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media captionIn full: Boris Johnson speaks to the BBC at the G7

The prime minister is known for his optimism. It irritates some people, but inspires others.

But on Thursday he came practically bouncing out of his bilateral meeting with US President Joe Biden, ahead of the G7 summit in Cornwall.

The meeting was personal as well as political for both men, and their partners.

At their first encounter at Carbis Bay, the 78-year-old American made a beeline to greet the new Mrs Johnson, joking, 'Wait a minute, wait a minute!' to Boris Johnson before their introductions.

The quartet strolled obediently, admiring the view for the cameras before jokes were cracked as the men sat down.

The First Lady then took a barefoot walk on the beach with Carrie Johnson and her young son.

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What politicos would call the "optics", splashed on most front pages, could hardly have been much better even though the Cornish mizzle put paid to the original plan of the meeting taking place on the spectacular St Michael's Mount.

It's what happened in the meeting proper which matters most, though.

And after more than an hour of talks, the prime minister was plainly pleased.

He was at pains to point out that the president had not ticked him off over the stand-off between the UK and the EU over Northern Ireland, even though in the run-up to the summit the United States had made its displeasure and concern about what's going on crystal clear.

image copyrightPA Mediaimage captionThe two couples pose for the cameras at Carbis Bay, Cornwall

He said he and Mr Biden had discussed more than 20 topics in "terrific" talks.

Cooperation on vaccines, a UK promise to send a 100 million doses to developing countries within the next 12 months alongside America's commitment to 500 million, the economy, and their common promises on climate change were among the subjects covered.

And Mr Johnson gave a hint that President Biden was keen to find ways to help find justice for the family of British teenager Harry Dunn, evoking the president's own personal history.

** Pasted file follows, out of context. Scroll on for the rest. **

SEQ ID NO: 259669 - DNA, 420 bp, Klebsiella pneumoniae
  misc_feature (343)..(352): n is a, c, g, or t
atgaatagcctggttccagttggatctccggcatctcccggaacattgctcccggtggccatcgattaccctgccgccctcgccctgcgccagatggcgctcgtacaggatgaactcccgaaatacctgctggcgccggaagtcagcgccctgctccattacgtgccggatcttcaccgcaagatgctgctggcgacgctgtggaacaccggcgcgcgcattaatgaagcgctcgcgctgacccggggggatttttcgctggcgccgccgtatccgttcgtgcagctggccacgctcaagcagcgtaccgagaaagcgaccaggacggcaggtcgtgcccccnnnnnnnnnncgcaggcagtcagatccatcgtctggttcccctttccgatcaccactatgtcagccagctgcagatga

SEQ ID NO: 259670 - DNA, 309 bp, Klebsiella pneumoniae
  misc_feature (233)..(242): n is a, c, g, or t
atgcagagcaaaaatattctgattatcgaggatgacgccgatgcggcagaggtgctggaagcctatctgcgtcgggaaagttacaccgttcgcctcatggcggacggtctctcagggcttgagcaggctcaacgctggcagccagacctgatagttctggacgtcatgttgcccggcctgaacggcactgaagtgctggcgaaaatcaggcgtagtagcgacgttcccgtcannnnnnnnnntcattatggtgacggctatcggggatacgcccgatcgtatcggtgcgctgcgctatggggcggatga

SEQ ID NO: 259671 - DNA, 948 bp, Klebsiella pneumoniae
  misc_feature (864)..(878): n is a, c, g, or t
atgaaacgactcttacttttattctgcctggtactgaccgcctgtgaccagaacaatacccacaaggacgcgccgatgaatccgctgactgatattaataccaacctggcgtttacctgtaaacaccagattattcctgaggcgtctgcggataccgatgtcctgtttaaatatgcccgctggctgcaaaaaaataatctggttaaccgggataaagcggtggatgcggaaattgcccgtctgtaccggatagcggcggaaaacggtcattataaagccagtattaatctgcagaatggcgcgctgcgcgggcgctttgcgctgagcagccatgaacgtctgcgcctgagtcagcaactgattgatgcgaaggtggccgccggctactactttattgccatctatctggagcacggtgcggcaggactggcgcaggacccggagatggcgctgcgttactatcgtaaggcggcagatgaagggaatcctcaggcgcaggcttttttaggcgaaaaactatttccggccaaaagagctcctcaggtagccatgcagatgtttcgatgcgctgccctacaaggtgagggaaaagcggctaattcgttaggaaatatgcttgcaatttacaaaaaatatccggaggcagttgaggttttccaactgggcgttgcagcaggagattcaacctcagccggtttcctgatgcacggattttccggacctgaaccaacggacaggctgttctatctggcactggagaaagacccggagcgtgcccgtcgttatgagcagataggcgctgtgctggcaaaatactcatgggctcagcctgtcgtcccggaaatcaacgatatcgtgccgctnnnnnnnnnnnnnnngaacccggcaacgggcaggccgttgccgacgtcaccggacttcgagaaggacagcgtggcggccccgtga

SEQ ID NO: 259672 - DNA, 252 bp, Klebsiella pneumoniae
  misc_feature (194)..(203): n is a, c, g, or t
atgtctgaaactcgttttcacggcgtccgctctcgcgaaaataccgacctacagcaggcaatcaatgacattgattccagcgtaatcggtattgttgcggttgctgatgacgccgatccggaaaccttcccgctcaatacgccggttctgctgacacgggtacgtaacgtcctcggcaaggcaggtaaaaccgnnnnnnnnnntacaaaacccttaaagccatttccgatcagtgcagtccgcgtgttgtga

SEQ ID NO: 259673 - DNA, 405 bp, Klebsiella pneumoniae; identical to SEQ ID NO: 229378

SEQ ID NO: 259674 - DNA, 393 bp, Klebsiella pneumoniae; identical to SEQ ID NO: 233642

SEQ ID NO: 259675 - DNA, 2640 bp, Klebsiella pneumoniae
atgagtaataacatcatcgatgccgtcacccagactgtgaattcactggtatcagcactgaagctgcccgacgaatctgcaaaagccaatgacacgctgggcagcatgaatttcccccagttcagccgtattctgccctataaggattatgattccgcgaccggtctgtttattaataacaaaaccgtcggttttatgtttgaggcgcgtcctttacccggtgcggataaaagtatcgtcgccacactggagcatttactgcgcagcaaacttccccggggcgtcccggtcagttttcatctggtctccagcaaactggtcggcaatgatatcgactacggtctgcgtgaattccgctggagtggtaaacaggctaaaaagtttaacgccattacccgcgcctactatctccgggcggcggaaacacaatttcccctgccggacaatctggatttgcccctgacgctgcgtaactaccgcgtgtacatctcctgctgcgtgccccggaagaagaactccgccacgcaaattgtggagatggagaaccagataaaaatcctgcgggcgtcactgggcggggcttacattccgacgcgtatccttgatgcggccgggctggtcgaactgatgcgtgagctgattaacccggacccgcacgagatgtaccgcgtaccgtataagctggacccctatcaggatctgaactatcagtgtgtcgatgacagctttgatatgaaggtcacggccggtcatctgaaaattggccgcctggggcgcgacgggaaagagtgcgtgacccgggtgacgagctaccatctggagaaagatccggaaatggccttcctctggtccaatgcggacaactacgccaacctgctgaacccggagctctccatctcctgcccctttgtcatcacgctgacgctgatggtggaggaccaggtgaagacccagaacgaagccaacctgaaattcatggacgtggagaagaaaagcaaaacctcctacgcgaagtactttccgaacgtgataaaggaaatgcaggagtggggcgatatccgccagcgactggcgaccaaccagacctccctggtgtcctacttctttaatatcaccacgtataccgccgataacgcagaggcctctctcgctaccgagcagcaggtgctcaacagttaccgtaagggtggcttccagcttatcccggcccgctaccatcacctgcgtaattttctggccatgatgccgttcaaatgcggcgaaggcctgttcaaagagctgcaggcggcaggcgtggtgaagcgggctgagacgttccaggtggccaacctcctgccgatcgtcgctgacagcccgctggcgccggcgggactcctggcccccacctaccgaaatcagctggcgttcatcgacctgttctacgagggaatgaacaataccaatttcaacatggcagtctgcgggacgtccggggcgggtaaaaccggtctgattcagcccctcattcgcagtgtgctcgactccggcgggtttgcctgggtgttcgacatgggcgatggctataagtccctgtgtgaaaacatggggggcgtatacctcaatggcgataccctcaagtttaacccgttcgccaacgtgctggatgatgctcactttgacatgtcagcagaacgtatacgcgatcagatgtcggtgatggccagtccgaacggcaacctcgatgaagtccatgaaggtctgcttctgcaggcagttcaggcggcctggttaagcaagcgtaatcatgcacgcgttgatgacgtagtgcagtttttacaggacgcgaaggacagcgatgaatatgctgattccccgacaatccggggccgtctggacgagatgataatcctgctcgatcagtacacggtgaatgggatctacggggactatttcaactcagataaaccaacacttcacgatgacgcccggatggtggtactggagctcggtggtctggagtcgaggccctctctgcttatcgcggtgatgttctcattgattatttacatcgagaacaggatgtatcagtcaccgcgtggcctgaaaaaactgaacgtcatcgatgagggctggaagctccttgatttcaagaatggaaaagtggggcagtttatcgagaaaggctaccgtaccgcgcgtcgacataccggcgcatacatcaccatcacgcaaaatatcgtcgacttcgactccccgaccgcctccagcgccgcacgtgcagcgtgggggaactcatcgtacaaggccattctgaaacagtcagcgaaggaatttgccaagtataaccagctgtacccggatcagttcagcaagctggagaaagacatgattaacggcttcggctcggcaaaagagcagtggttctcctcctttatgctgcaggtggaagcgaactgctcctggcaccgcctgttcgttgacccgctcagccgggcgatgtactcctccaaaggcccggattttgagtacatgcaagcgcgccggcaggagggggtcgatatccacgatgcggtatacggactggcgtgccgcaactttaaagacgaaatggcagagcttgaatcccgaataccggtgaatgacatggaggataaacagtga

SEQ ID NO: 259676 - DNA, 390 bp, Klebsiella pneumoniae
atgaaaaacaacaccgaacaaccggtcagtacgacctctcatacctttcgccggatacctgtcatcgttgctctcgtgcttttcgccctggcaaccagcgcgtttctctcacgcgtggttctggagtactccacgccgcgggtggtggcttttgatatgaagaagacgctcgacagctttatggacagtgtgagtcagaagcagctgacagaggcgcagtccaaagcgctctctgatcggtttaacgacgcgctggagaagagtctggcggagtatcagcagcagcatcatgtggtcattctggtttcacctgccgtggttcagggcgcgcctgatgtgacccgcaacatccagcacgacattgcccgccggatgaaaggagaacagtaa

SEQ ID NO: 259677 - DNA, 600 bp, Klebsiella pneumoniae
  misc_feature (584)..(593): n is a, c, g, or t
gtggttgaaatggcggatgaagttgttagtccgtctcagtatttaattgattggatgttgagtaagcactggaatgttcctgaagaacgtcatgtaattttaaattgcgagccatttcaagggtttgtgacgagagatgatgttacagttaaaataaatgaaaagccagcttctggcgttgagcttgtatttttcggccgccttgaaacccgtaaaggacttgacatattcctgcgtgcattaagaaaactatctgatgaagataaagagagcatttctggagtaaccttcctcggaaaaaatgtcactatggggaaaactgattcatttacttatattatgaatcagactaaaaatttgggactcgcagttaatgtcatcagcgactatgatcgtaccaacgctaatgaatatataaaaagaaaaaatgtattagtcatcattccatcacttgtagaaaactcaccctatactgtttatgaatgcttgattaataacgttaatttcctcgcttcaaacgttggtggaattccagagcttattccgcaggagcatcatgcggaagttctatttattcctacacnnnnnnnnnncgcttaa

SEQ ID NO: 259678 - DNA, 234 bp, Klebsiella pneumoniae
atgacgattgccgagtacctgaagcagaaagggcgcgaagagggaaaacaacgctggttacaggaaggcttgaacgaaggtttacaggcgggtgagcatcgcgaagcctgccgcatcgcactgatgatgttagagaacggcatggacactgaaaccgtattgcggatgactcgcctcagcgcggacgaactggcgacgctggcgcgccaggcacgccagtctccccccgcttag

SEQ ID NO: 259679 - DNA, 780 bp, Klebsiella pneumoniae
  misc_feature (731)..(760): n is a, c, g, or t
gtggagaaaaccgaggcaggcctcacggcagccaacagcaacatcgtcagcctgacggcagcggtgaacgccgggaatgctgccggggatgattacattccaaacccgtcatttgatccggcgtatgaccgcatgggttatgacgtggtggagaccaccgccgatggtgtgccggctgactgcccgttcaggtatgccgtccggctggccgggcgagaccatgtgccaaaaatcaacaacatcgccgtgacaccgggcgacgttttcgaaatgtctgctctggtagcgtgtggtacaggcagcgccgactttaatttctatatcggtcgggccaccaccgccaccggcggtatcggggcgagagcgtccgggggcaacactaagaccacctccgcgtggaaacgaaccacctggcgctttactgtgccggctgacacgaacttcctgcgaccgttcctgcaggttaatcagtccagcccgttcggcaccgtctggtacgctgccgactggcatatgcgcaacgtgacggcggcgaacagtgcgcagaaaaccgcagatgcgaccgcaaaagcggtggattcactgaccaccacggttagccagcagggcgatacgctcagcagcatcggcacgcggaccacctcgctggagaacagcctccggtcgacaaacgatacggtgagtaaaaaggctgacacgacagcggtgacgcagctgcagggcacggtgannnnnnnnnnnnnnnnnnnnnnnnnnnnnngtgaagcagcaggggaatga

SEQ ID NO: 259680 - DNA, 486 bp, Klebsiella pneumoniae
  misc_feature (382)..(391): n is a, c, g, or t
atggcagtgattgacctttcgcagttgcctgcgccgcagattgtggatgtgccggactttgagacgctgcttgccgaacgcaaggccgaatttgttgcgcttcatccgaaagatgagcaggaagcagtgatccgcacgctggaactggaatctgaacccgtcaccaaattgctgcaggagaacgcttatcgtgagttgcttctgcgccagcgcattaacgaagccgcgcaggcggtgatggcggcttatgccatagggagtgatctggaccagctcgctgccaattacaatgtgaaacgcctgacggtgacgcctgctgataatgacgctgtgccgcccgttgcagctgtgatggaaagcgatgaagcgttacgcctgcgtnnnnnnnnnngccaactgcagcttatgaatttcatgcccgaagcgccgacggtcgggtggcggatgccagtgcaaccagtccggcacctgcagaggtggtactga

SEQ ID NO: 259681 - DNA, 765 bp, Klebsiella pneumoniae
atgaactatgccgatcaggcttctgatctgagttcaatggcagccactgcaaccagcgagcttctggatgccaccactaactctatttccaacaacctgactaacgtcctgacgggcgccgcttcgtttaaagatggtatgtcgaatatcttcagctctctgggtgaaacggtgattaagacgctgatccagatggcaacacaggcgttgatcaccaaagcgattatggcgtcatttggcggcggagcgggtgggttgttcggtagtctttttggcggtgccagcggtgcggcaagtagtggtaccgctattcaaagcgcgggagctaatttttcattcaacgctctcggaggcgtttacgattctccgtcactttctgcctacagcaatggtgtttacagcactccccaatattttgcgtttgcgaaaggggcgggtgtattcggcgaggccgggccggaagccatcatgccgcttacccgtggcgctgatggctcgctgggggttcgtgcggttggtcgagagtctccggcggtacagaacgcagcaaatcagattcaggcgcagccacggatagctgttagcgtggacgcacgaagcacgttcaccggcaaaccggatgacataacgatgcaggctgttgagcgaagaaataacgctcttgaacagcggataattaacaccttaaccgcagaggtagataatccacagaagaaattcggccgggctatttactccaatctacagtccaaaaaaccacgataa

As with so many issues the UK and the UK both want progress – but agreeing on how to make that happen is a different question.

After letting it be known that he was uneasy about the clich├ęd term "special relationship", the prime minister even coined a new phrase, the "indestructible relationship", or the "deep and meaningful" one.

image copyrightGetty Imagesimage captionBoris Johnson's wife Carrie and their son Wilfred were joined on the beach by US First Lady Jill Biden

The two leaders' first real-life introduction clearly went well.

Boris Johnson and his team believe chemistry between leaders matters, and that the simple fact of gathering in person sends an important message too.

The prime minister won't escape political pressure this week on whether his big promises stand up to reality.

He has infuriated the EU by, as they see it, not sticking to a deal he signed only last year.

Meetings with Angela Merkel, Emmanuel Macron and the EU Commission boss won't be easy.

Mr Johnson's made a huge pledge on vaccines, but only five million doses will go to developing countries soon, and unlike some other G7 countries, the UK won't waive intellectual property rights on jabs.

And for all his talk about wanting to help poorer parts of the world, to the rage of some of his own MPs, he's cutting the amount of aid the UK spends.

The issues the prime minister wants to confront this week can't be solved by just bonhomie at the beach.